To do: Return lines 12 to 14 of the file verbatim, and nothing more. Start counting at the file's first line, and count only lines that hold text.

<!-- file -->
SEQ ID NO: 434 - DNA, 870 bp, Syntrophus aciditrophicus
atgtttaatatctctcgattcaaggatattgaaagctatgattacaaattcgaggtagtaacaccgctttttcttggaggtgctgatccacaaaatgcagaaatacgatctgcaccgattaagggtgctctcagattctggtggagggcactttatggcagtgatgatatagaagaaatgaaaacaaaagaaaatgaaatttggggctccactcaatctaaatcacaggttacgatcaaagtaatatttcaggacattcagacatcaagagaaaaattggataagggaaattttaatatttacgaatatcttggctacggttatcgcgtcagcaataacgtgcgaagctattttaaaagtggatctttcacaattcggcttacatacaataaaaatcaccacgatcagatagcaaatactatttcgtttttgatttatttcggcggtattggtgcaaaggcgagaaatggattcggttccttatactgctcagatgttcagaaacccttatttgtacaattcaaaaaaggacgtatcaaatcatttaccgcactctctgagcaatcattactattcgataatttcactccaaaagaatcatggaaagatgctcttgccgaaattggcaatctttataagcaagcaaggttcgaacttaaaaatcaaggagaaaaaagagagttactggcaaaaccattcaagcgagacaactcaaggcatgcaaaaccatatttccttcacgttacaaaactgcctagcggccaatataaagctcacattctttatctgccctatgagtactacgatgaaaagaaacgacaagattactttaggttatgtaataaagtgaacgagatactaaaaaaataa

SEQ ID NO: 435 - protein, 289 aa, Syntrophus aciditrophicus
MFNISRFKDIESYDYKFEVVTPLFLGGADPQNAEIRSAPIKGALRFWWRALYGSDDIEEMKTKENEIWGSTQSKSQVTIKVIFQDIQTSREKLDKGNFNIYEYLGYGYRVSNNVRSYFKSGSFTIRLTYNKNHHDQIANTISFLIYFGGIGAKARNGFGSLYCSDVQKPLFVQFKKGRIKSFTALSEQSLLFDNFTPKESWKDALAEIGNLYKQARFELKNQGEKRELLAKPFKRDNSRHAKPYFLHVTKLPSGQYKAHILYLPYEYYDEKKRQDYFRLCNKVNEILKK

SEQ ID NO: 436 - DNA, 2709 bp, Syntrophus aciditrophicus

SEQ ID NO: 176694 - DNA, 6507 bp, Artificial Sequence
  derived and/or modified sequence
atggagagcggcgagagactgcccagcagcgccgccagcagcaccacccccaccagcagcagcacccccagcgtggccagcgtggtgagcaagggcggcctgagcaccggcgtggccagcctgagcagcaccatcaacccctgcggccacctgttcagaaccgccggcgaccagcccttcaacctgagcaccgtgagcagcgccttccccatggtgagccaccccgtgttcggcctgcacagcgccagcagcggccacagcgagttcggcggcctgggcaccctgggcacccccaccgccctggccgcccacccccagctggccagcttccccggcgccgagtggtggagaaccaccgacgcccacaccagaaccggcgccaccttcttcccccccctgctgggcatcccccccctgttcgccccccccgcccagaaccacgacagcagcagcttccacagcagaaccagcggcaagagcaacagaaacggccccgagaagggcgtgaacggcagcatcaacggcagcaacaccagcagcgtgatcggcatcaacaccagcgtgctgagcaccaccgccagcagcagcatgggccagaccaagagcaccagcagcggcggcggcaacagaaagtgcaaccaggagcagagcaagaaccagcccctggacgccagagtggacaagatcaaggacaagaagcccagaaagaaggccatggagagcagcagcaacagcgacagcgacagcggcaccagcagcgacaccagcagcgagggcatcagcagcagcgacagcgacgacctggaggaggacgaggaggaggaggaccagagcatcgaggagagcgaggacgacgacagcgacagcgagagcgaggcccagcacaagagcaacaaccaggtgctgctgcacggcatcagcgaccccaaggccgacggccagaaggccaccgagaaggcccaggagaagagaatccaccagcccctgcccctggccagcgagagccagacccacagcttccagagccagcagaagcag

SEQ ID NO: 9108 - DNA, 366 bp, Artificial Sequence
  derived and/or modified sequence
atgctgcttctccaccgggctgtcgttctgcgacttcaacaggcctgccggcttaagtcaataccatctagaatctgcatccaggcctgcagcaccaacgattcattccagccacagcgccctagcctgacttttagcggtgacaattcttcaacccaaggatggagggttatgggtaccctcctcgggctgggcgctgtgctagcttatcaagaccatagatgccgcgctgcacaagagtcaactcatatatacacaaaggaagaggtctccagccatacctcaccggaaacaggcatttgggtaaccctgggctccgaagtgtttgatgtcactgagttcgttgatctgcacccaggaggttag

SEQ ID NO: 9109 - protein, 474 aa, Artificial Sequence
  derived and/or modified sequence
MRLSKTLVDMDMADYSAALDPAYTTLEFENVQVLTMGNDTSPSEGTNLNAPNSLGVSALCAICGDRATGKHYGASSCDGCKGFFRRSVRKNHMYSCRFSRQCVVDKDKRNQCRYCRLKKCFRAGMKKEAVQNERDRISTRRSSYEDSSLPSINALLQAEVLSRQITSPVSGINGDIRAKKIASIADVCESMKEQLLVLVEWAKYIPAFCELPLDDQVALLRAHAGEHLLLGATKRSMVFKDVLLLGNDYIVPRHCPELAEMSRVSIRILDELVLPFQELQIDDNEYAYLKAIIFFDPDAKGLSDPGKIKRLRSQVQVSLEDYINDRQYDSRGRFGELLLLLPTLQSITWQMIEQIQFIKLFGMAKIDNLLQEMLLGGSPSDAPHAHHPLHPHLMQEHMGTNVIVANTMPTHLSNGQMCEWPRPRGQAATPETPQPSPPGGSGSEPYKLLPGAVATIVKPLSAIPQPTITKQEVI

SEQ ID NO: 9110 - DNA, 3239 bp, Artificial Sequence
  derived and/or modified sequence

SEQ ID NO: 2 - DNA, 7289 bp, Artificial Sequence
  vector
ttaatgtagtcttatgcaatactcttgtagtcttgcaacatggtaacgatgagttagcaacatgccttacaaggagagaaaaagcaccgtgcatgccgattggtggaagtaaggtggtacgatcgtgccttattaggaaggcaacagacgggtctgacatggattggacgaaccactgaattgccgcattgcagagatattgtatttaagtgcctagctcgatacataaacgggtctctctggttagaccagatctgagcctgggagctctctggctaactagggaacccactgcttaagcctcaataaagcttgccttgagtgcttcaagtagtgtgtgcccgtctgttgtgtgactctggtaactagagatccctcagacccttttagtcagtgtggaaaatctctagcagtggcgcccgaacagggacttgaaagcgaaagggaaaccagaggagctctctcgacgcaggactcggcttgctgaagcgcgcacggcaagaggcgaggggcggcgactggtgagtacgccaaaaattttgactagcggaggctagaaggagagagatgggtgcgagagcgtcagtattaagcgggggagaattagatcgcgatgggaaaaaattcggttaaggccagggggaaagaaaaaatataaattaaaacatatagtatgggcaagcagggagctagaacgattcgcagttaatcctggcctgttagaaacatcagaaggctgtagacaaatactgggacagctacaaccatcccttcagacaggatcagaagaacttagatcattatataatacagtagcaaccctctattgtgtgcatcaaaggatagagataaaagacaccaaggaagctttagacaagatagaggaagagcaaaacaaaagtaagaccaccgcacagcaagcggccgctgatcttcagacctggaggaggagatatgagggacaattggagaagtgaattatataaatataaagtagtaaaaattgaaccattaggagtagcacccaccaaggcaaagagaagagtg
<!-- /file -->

SEQ ID NO: 9109 - protein, 474 aa, Artificial Sequence
  derived and/or modified sequence
MRLSKTLVDMDMADYSAALDPAYTTLEFENVQVLTMGNDTSPSEGTNLNAPNSLGVSALCAICGDRATGKHYGASSCDGCKGFFRRSVRKNHMYSCRFSRQCVVDKDKRNQCRYCRLKKCFRAGMKKEAVQNERDRISTRRSSYEDSSLPSINALLQAEVLSRQITSPVSGINGDIRAKKIASIADVCESMKEQLLVLVEWAKYIPAFCELPLDDQVALLRAHAGEHLLLGATKRSMVFKDVLLLGNDYIVPRHCPELAEMSRVSIRILDELVLPFQELQIDDNEYAYLKAIIFFDPDAKGLSDPGKIKRLRSQVQVSLEDYINDRQYDSRGRFGELLLLLPTLQSITWQMIEQIQFIKLFGMAKIDNLLQEMLLGGSPSDAPHAHHPLHPHLMQEHMGTNVIVANTMPTHLSNGQMCEWPRPRGQAATPETPQPSPPGGSGSEPYKLLPGAVATIVKPLSAIPQPTITKQEVI